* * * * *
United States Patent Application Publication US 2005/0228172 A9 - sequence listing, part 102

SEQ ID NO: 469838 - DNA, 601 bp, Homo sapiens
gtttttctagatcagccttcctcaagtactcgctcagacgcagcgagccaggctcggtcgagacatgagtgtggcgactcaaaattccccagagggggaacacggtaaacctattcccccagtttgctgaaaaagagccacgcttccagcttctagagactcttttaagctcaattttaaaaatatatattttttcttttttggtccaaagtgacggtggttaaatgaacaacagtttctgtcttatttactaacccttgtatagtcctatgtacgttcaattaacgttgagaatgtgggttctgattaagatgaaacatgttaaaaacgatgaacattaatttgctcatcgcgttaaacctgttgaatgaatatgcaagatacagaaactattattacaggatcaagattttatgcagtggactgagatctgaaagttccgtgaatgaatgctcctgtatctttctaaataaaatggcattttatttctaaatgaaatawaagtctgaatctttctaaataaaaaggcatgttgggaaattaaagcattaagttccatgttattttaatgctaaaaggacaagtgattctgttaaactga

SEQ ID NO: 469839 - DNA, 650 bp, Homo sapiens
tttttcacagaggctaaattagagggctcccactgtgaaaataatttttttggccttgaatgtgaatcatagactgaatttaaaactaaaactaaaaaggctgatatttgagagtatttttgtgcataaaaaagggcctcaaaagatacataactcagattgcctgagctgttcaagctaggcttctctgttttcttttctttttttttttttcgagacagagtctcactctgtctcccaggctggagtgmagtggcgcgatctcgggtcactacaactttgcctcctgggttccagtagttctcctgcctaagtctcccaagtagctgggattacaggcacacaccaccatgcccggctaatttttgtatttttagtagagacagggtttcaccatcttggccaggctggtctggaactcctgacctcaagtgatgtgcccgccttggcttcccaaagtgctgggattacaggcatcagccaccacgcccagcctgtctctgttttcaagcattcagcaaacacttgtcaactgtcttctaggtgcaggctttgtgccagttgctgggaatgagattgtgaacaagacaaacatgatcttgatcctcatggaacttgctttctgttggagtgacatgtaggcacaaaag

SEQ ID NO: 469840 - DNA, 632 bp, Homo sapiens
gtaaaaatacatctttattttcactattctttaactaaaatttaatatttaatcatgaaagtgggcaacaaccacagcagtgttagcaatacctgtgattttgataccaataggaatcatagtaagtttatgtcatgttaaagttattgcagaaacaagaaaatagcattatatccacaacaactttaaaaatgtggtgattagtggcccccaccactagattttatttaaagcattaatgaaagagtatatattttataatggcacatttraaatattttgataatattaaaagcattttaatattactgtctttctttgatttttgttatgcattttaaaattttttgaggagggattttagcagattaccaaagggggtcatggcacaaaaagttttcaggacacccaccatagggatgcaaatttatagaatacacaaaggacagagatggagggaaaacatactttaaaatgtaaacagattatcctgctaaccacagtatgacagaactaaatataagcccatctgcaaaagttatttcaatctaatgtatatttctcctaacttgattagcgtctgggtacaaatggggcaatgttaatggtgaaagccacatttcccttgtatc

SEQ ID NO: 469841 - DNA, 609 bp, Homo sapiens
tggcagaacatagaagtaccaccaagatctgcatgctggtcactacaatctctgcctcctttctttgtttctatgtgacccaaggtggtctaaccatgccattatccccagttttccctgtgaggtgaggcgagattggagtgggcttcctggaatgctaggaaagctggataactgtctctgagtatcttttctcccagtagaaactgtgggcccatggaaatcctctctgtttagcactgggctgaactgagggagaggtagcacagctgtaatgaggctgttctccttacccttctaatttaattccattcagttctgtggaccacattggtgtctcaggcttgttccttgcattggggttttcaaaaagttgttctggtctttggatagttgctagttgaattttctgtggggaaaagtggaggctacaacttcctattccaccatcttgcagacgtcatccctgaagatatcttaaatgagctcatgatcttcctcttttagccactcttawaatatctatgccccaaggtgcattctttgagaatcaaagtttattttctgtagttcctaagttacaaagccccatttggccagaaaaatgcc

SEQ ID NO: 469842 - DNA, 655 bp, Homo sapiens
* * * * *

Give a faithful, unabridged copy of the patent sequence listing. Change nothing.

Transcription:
United States Patent Application Publication US 2005/0228172 A9 - sequence listing, part 102

SEQ ID NO: 469838 - DNA, 601 bp, Homo sapiens
gtttttctagatcagccttcctcaagtactcgctcagacgcagcgagccaggctcggtcgagacatgagtgtggcgactcaaaattccccagagggggaacacggtaaacctattcccccagtttgctgaaaaagagccacgcttccagcttctagagactcttttaagctcaattttaaaaatatatattttttcttttttggtccaaagtgacggtggttaaatgaacaacagtttctgtcttatttactaacccttgtatagtcctatgtacgttcaattaacgttgagaatgtgggttctgattaagatgaaacatgttaaaaacgatgaacattaatttgctcatcgcgttaaacctgttgaatgaatatgcaagatacagaaactattattacaggatcaagattttatgcagtggactgagatctgaaagttccgtgaatgaatgctcctgtatctttctaaataaaatggcattttatttctaaatgaaatawaagtctgaatctttctaaataaaaaggcatgttgggaaattaaagcattaagttccatgttattttaatgctaaaaggacaagtgattctgttaaactga

SEQ ID NO: 469839 - DNA, 650 bp, Homo sapiens
tttttcacagaggctaaattagagggctcccactgtgaaaataatttttttggccttgaatgtgaatcatagactgaatttaaaactaaaactaaaaaggctgatatttgagagtatttttgtgcataaaaaagggcctcaaaagatacataactcagattgcctgagctgttcaagctaggcttctctgttttcttttctttttttttttttcgagacagagtctcactctgtctcccaggctggagtgmagtggcgcgatctcgggtcactacaactttgcctcctgggttccagtagttctcctgcctaagtctcccaagtagctgggattacaggcacacaccaccatgcccggctaatttttgtatttttagtagagacagggtttcaccatcttggccaggctggtctggaactcctgacctcaagtgatgtgcccgccttggcttcccaaagtgctgggattacaggcatcagccaccacgcccagcctgtctctgttttcaagcattcagcaaacacttgtcaactgtcttctaggtgcaggctttgtgccagttgctgggaatgagattgtgaacaagacaaacatgatcttgatcctcatggaacttgctttctgttggagtgacatgtaggcacaaaag

SEQ ID NO: 469840 - DNA, 632 bp, Homo sapiens
gtaaaaatacatctttattttcactattctttaactaaaatttaatatttaatcatgaaagtgggcaacaaccacagcagtgttagcaatacctgtgattttgataccaataggaatcatagtaagtttatgtcatgttaaagttattgcagaaacaagaaaatagcattatatccacaacaactttaaaaatgtggtgattagtggcccccaccactagattttatttaaagcattaatgaaagagtatatattttataatggcacatttraaatattttgataatattaaaagcattttaatattactgtctttctttgatttttgttatgcattttaaaattttttgaggagggattttagcagattaccaaagggggtcatggcacaaaaagttttcaggacacccaccatagggatgcaaatttatagaatacacaaaggacagagatggagggaaaacatactttaaaatgtaaacagattatcctgctaaccacagtatgacagaactaaatataagcccatctgcaaaagttatttcaatctaatgtatatttctcctaacttgattagcgtctgggtacaaatggggcaatgttaatggtgaaagccacatttcccttgtatc

SEQ ID NO: 469841 - DNA, 609 bp, Homo sapiens
tggcagaacatagaagtaccaccaagatctgcatgctggtcactacaatctctgcctcctttctttgtttctatgtgacccaaggtggtctaaccatgccattatccccagttttccctgtgaggtgaggcgagattggagtgggcttcctggaatgctaggaaagctggataactgtctctgagtatcttttctcccagtagaaactgtgggcccatggaaatcctctctgtttagcactgggctgaactgagggagaggtagcacagctgtaatgaggctgttctccttacccttctaatttaattccattcagttctgtggaccacattggtgtctcaggcttgttccttgcattggggttttcaaaaagttgttctggtctttggatagttgctagttgaattttctgtggggaaaagtggaggctacaacttcctattccaccatcttgcagacgtcatccctgaagatatcttaaatgagctcatgatcttcctcttttagccactcttawaatatctatgccccaaggtgcattctttgagaatcaaagtttattttctgtagttcctaagttacaaagccccatttggccagaaaaatgcc

SEQ ID NO: 469842 - DNA, 655 bp, Homo sapiens